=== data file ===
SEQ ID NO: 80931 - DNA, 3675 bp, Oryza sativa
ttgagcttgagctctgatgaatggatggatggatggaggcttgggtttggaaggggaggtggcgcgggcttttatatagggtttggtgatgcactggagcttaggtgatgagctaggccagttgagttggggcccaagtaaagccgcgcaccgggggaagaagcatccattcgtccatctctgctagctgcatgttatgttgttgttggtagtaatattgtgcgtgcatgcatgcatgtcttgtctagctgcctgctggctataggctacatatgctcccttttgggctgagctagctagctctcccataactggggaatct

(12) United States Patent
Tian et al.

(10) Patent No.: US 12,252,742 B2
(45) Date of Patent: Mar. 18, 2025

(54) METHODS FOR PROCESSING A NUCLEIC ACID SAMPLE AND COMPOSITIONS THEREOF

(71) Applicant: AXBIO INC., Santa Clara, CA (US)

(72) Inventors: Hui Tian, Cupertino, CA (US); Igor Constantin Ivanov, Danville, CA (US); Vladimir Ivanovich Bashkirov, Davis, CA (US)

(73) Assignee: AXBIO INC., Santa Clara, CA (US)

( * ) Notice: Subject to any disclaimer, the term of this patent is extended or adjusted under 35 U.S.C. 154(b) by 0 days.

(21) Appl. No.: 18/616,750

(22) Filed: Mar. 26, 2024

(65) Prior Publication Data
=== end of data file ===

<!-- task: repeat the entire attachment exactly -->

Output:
SEQ ID NO: 80931 - DNA, 3675 bp, Oryza sativa
ttgagcttgagctctgatgaatggatggatggatggaggcttgggtttggaaggggaggtggcgcgggcttttatatagggtttggtgatgcactggagcttaggtgatgagctaggccagttgagttggggcccaagtaaagccgcgcaccgggggaagaagcatccattcgtccatctctgctagctgcatgttatgttgttgttggtagtaatattgtgcgtgcatgcatgcatgtcttgtctagctgcctgctggctataggctacatatgctcccttttgggctgagctagctagctctcccataactggggaatct

(12) United States Patent
Tian et al.

(10) Patent No.: US 12,252,742 B2
(45) Date of Patent: Mar. 18, 2025

(54) METHODS FOR PROCESSING A NUCLEIC ACID SAMPLE AND COMPOSITIONS THEREOF

(71) Applicant: AXBIO INC., Santa Clara, CA (US)

(72) Inventors: Hui Tian, Cupertino, CA (US); Igor Constantin Ivanov, Danville, CA (US); Vladimir Ivanovich Bashkirov, Davis, CA (US)

(73) Assignee: AXBIO INC., Santa Clara, CA (US)

( * ) Notice: Subject to any disclaimer, the term of this patent is extended or adjusted under 35 U.S.C. 154(b) by 0 days.

(21) Appl. No.: 18/616,750

(22) Filed: Mar. 26, 2024

(65) Prior Publication Data